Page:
Saturday, July 29, 2006

Love from me

I have been reading Ishmael by Daniel Quinn. We own a few books by the same author and all his books that I have read have the same message. The message is that humans are not meant to live the way we're living and unless we change our way of thinking we'll go extinct. He writes that humans see ourselves as above and separate from nature and the world, and therefore not affected by the changes we make to our environment.

I was saying to Partner the other day that I wondered if gas prices would climb so high that people couldn't afford to drive any more. What I really meant was, will this happen in the very near future? And if it does, how will it affect our lives, as a civilization? I think it could potentially be a very exciting or very frightening time. On one hand, law and order may collapse and anarchy ensue. Governments may declare martial law and citizens starve in their homes, with no food or electricity able to reach them. Or maybe it will happen gradually so that we become a bike riding and walking people, growing our own produce and eating only locally grown foods. I think if all the gasoline in the world suddenly disappeared tomorrow, a lot of people would find themselves out of their jobs. The more obvious ones like bus and taxi companies of course would become obsolete, but then think how much of the economy depends on the ability to ship a product from one place to another. I think we wouldn't be getting newspapers or books. We'd have to find another source of clothing than the local mall. I think the entire service industry would be severely crippled: stores wouldn't be able to receive stock any longer.

To me, it sounds like an exciting change. I think of all the positive changes that could be made. It makes me think of what I could do right now to be ready for it. Like study up on gardening. Buy a bike. Find out about solar panels and wind turbines for the house. Decide whether or not I want to live here permanently before all the airplanes are retired!

Friday, July 21, 2006


Nearly all my plants that I raised from seed are flowering. I just have about one or two more that are almost there. I have a couple of really fantastic plots of flowers. In the front there's a mass of poppies all different colors and in the back is a bed of cosmos and larkspurs in lovely pinks, whites, and blues. Everywhere else is also quite nice but not as well-planned. And I have a few bare spots even. Actually I take that back. Anywhere that is not exploding with flowers is exploding with weeds. So there aren't any bare spots whatsoever.

So my excuse for not weeding this week is that it's been HOT. We breached 90F. What's more, I was at work and I think it's common knowledge I work in a kitchen. What with the oven on and up to six gas burners at full power, plus a sink full of hot water to wash's a wonder I'm still alive actually. It's the washing dishes that's the worst. Having to hang over that big sink in that hot water for fifteen minutes every hour just about killed me.

I was pretty pleased with myself this week, however. I made some English fudge, which is not chocolate, but rather a boiled sugar candy kind of like toffee. I had to heat the sugar with butter and milk to a temperature of 113C, and seeing as the boiling temperature of water is 100C, it can be a little tricky. I didn't have a thermometer that could read the temps so I had to do what is called the Cold Water Test. At 113C the sugar forms a soft flat ball when dropped by the spoonful into a glass of very cold water. So there I was with my little spoon and little glass, testing it every minute or so. But I succeeded. And it tasted great. In fact, it tasted so great that one of my coworkers kept coming back and stealing (or pinching as they say here) little pieces of it after it was cooled. It makes me want to learn how to make other candies. My gramma used to make really yummy sweets and candies every Christmas. I should ask her about them.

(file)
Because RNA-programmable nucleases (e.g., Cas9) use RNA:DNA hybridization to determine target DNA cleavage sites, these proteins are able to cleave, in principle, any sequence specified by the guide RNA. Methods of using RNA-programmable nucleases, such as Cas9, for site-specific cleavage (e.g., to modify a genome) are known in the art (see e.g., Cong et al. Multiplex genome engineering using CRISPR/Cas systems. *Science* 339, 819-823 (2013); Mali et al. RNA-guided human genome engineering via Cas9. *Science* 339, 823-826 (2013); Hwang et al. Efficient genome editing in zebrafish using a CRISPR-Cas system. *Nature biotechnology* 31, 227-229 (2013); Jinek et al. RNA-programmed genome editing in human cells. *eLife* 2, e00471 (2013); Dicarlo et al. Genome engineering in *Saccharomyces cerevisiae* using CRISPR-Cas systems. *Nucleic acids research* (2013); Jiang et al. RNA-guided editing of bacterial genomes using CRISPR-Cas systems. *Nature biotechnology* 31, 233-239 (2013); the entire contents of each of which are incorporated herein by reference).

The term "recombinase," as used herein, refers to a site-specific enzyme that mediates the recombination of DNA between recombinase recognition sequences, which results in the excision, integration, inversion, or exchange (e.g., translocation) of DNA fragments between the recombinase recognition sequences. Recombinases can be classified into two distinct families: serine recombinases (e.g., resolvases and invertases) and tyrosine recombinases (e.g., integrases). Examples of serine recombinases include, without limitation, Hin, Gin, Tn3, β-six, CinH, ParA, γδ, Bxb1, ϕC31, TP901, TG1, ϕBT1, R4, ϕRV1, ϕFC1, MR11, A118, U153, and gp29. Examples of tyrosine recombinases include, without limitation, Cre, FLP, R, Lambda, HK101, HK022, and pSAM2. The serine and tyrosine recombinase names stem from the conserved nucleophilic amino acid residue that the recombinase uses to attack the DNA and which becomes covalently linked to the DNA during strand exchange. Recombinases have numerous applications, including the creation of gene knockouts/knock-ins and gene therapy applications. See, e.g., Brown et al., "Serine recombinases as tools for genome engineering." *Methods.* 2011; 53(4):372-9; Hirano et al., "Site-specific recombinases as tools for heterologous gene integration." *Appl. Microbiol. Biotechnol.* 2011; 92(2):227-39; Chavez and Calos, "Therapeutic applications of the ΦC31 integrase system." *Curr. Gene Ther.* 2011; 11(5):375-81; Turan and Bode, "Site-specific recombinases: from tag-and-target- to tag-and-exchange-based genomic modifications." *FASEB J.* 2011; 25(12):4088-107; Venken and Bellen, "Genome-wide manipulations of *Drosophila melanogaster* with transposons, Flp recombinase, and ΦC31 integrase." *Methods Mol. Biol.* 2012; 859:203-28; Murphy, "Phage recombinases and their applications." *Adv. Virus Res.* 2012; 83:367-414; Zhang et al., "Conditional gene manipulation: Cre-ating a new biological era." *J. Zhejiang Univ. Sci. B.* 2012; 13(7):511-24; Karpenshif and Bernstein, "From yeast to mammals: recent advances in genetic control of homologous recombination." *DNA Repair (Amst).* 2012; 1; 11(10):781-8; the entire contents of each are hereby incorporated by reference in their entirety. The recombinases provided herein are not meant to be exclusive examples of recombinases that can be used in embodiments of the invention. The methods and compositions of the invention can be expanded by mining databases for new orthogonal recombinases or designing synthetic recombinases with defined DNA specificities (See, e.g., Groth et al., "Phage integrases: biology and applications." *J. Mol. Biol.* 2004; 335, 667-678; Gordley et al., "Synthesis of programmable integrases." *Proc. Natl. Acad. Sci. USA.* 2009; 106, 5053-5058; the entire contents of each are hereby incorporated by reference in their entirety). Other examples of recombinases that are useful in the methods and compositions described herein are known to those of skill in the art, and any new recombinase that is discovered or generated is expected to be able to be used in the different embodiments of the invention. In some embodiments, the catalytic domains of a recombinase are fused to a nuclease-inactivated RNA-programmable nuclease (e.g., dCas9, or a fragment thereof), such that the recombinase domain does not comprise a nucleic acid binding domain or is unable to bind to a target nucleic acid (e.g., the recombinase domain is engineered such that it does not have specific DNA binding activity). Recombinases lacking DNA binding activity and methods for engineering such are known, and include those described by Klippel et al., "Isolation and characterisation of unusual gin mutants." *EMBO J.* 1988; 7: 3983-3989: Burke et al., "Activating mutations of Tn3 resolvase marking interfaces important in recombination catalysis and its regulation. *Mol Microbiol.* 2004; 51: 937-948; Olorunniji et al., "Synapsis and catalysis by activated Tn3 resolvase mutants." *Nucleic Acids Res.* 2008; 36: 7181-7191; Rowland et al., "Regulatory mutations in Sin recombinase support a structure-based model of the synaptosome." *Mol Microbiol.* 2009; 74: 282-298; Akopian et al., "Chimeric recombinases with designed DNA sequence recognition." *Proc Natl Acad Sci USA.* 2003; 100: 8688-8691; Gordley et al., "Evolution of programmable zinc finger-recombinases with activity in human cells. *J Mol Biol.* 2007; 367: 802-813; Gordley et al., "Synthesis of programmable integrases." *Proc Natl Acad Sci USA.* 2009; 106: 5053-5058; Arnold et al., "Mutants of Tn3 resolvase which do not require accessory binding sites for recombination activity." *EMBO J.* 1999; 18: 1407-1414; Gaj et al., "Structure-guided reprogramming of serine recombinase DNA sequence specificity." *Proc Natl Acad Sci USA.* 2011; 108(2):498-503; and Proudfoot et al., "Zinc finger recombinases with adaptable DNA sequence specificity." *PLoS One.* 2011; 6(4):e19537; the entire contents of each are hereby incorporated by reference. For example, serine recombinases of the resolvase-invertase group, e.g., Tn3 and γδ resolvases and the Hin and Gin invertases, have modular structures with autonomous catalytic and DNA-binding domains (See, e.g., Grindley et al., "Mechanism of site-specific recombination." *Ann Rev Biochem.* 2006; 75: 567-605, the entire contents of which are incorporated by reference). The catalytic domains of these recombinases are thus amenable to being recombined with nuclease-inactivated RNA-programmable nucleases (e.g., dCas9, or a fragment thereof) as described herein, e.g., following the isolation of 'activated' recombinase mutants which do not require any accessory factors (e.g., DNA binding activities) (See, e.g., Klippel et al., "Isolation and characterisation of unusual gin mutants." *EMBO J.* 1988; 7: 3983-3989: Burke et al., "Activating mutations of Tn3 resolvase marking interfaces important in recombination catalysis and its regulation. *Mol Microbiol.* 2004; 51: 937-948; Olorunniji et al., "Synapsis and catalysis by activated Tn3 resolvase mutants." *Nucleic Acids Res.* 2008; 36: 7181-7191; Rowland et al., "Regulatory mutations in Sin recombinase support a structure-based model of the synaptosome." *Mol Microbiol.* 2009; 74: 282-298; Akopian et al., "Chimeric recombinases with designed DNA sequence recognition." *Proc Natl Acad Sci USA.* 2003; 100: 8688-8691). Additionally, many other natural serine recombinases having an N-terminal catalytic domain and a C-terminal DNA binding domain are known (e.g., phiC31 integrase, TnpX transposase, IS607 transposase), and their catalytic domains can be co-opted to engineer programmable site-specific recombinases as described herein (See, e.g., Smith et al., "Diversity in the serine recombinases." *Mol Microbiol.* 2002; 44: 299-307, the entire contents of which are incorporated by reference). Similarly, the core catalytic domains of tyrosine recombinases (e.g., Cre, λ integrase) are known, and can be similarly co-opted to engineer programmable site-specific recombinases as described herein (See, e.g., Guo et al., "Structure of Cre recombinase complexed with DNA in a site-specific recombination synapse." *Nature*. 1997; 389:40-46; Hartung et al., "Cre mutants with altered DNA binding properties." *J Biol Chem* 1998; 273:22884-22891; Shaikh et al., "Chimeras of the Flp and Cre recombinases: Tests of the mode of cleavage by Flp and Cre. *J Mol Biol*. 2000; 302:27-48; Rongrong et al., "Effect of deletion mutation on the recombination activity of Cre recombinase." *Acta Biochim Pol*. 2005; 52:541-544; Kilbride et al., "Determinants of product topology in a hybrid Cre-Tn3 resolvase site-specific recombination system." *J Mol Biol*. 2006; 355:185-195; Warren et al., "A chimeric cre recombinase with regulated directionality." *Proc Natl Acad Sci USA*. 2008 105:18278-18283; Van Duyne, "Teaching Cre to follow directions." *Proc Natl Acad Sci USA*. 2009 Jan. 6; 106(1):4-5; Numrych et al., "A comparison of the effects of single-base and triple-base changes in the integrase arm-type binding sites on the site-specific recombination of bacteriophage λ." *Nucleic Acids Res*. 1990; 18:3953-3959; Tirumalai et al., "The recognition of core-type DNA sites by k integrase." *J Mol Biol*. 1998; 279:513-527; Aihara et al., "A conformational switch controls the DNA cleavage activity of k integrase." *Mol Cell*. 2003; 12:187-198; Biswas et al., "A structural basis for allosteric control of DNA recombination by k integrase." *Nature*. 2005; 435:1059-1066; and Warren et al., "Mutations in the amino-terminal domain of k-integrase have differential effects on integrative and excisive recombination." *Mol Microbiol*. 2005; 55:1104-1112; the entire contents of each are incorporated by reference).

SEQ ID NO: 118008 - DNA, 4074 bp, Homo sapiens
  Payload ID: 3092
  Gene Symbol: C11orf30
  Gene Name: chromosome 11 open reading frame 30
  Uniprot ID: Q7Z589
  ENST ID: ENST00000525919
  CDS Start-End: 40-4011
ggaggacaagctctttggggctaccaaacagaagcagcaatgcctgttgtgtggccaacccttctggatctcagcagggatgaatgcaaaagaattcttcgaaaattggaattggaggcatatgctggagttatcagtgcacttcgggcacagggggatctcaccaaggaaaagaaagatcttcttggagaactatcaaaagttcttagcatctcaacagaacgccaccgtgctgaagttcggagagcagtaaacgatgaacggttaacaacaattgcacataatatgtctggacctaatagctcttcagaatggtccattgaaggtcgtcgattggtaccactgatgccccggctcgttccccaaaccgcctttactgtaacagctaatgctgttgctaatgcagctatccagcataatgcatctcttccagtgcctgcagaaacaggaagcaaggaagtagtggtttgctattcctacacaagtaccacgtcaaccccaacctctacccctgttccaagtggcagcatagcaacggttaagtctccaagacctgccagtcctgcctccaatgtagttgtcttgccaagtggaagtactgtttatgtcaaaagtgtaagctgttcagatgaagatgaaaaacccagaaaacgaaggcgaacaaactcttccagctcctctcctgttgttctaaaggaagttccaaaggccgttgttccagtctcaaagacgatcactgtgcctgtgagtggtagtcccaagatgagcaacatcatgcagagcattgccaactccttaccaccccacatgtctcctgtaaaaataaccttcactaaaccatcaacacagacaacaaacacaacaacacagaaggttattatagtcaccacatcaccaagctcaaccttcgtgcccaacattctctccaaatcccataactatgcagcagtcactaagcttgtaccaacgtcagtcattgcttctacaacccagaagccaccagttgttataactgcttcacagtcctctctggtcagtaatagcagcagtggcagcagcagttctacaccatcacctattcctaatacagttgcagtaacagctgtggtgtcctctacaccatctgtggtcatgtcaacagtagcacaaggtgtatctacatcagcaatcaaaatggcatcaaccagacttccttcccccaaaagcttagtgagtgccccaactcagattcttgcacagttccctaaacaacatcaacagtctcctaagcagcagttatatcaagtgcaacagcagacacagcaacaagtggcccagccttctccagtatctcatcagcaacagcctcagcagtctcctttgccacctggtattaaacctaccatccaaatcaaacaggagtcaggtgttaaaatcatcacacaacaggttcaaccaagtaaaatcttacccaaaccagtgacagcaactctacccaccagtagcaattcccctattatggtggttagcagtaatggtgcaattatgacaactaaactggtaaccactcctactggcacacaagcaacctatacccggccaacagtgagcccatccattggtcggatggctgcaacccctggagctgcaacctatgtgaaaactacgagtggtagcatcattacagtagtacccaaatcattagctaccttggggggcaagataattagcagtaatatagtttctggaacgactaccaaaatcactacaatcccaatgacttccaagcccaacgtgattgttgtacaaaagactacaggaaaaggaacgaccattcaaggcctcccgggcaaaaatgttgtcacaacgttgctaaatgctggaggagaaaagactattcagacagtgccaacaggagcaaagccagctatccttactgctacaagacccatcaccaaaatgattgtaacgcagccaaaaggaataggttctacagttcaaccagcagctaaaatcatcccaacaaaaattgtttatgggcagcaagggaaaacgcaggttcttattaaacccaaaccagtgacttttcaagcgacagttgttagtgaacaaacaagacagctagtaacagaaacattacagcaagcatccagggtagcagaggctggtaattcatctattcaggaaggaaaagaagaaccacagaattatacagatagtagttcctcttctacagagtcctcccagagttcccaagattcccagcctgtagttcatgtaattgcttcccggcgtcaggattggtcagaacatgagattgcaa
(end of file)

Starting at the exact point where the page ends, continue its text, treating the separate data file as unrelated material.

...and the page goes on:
Tuesday, July 11, 2006

The room

It was our two year wedding anniversary yesterday. It doesn't seem so long ago that we said I do. It doesn't feel like I've been living in this house for two years. We went to York to have dinner and a drink. I was disappointed in my steak as it was overcooked. We got home kind of late and I feel asleep right away. Both of us had to work and it seemed like we didn't get to spend much time together. Just about four hours I think. Well, we slept in the same bed for another seven hours, but I certainly wasn't conscious at the time so I'm not sure that counts.

Work sucks. I should move to the Big Rock Candy Mountain where they shot the jerk who invented work. I'm not saying my particular job sucks. Just the whole concept of work. The idea that you have to go do something that takes you away from your family and friends and interests for half your day five days a week. I learned in anthropology class that prehistoric humans worked about ten hours a week either hunting or gathering. The remaining time was leisure time. Thinking about it, I suppose Partner and I could each work ten hours a week and have the rest as leisure time but we'd really have to cut back on our amenities. But maybe life would be more fulfilling if we spent most of our time weaving baskets and carving pendants or whatever prehistoric people did for fun. I think the whole idea of having a schedule is the down side of working. If we could just show up for work whenever we ran out of money and then went back home when we had enough...I mean, those Cro-Magnons surely didn't say to each other, "Ok, Szzt, you and Ugh are going to hunt for two hours each day, Monday to Friday, and Hngh and Pffl will gather berries and roots during the same time."